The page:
Death Penalty

Since 1977, one year after the US Supreme Court reaffirmed the constitutionality of the death penalty, more than 1,480 people have been executed, primarily by means of lethal injection. Most death penalty cases involve the execution of murderers although capital punishment can also be applied for treason, espionage, and other crimes.

Proponents of the death penalty say it is an important tool for preserving law and order, deters crime, and costs less than life imprisonment. They argue that retribution or “an eye for an eye” honors the victim, helps console grieving families, and ensures that the perpetrators of heinous crimes never have an opportunity to cause future tragedy.

Opponents of capital punishment say it has no deterrent effect on crime, wrongly gives governments the power to take human life, and perpetuates social injustices by disproportionately targeting people of color (racist) and people who cannot afford good attorneys (classist). They say lifetime jail sentences are a more severe and less expensive punishment than death.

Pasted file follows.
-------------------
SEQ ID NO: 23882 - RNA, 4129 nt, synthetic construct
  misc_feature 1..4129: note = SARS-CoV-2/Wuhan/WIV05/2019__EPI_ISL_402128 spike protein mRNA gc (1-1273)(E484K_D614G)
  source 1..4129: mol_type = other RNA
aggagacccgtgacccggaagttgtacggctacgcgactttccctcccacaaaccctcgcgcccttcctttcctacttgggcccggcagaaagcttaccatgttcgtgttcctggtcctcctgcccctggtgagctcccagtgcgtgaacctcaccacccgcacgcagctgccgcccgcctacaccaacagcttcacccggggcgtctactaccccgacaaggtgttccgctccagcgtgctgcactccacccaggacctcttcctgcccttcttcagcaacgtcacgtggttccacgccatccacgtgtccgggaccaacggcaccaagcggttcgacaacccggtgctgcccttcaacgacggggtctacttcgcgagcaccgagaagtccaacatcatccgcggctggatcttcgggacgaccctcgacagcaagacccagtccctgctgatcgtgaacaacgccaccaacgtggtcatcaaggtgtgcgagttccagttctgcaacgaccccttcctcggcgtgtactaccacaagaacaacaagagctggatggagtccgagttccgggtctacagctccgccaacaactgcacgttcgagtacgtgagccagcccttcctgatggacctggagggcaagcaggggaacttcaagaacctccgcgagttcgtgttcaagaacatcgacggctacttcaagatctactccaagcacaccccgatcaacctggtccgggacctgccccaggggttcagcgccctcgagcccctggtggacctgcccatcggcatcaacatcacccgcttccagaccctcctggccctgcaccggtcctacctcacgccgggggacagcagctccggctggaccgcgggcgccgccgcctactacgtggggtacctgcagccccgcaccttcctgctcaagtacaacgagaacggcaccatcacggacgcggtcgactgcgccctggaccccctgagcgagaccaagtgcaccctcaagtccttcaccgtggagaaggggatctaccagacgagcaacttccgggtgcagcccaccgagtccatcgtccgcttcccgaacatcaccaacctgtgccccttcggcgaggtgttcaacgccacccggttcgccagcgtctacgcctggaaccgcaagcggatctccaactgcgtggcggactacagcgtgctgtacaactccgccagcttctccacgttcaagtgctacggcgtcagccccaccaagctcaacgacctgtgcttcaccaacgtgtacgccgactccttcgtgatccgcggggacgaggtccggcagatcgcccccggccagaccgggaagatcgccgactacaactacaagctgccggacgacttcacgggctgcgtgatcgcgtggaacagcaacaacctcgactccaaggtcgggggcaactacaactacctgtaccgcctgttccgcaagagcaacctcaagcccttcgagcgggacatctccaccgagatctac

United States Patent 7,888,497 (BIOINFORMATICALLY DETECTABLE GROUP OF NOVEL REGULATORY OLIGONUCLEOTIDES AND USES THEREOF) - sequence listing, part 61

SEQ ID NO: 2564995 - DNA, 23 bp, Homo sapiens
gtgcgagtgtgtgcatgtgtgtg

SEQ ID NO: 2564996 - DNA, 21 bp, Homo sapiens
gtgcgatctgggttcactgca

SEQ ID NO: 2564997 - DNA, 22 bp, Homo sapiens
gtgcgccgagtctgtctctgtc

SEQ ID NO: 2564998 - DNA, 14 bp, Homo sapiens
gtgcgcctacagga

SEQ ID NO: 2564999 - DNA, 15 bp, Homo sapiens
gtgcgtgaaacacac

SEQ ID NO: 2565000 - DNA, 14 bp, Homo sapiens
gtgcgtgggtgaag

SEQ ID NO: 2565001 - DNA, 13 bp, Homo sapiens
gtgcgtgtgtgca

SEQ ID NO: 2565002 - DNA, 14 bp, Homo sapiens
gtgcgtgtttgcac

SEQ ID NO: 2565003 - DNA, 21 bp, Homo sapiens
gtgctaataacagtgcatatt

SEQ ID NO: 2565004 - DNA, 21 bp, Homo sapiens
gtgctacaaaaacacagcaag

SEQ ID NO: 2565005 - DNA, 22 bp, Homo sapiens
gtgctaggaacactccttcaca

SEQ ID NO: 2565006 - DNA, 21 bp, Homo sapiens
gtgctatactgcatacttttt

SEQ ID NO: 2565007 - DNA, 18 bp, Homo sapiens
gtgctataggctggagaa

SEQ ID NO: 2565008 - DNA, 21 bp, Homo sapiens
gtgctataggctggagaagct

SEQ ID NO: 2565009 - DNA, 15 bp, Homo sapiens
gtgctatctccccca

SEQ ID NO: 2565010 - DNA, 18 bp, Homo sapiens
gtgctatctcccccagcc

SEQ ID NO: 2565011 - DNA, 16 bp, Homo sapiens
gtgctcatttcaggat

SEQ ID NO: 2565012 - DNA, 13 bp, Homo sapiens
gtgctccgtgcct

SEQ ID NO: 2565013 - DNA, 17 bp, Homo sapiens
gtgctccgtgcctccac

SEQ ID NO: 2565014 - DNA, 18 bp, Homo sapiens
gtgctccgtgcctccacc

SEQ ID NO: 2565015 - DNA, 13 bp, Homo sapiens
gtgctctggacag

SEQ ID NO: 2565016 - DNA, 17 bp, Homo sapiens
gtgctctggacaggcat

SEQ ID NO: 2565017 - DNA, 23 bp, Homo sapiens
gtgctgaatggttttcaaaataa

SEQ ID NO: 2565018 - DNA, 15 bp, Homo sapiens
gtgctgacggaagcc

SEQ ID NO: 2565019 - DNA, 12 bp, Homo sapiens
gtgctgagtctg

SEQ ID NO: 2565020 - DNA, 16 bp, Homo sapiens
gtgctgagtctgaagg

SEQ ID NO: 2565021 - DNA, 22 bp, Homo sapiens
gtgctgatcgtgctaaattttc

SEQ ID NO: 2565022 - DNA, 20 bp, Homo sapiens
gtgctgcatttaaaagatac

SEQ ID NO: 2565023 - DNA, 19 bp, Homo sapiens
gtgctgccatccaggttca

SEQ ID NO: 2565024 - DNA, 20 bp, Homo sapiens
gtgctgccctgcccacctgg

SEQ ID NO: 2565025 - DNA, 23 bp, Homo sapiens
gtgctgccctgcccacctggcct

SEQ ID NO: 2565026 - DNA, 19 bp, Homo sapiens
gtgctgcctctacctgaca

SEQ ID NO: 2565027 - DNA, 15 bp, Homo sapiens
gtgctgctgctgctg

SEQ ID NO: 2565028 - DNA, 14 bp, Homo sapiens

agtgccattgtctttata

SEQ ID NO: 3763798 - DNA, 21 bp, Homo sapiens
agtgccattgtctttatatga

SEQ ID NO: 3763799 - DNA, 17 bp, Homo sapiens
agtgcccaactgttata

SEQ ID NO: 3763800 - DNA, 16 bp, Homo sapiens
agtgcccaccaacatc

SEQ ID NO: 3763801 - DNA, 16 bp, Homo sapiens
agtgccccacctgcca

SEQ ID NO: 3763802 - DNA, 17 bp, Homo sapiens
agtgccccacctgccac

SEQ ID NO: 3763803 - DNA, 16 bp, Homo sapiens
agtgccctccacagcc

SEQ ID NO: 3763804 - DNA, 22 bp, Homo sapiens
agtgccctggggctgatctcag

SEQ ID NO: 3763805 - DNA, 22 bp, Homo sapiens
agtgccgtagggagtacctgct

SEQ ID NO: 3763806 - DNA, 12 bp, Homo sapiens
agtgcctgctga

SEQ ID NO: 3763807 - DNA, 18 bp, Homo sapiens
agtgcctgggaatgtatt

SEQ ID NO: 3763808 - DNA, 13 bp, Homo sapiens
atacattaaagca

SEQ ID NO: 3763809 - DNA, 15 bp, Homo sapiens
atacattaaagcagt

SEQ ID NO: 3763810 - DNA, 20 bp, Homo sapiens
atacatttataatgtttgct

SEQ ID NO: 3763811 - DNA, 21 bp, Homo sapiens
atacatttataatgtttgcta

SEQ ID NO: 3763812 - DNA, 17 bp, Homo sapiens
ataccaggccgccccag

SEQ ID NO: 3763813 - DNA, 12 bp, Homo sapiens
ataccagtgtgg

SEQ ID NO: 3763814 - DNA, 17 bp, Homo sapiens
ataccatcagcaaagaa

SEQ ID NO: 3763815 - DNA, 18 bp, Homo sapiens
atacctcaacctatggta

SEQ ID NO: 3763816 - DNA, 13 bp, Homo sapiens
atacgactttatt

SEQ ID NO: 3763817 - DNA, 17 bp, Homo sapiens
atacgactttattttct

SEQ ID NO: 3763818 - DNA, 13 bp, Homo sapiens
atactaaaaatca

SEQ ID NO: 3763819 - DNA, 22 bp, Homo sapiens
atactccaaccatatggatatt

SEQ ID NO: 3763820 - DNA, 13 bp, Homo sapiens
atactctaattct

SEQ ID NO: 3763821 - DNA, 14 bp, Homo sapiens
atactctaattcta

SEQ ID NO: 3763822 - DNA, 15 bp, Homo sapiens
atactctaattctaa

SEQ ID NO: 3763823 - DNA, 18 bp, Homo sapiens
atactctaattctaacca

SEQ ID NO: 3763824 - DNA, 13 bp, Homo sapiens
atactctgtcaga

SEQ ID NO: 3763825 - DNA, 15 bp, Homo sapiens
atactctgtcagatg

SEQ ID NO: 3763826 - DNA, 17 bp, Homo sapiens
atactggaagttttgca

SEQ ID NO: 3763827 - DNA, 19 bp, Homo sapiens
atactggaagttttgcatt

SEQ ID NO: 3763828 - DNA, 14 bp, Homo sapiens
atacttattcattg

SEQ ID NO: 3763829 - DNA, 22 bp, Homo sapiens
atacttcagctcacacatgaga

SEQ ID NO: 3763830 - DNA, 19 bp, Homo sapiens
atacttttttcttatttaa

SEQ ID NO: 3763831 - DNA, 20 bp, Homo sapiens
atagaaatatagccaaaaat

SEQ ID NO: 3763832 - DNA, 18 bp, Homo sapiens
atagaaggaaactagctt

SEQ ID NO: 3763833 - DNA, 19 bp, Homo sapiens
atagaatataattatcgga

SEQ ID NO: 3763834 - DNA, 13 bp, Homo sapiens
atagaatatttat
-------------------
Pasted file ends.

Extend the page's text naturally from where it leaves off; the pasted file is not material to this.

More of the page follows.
Although I am a stanch supporter of tougher penalties for convicted criminals, I do not believe the ultimate penalty of death should be a sentence invoked by anyone except our Creator for any case or any reason.

The President (in federal criminal cases), and the Governor (in state convictions), has the power to pardon a person convicted of a crime, commute the sentence (shorten it, often to time already served) or reduce it from death to another lesser sentence. There are many reasons for exercising this power, including real doubts about the guilt of the party, apparent excessive sentence, humanitarian reasons such as illness of an aged inmate, and to clear the record of someone who has demonstrated rehabilitation or public service.

I recommend granting clemency to all individuals currently on death row. Furthermore, I would strongly urge the members of Congress to formally abolish the death penalty. In the meantime, I recommend considering all other possible actions including directing the Department of Justice to stop seeking the death penalty and withdrawing notices of intent to seek the death penalty in ongoing cases.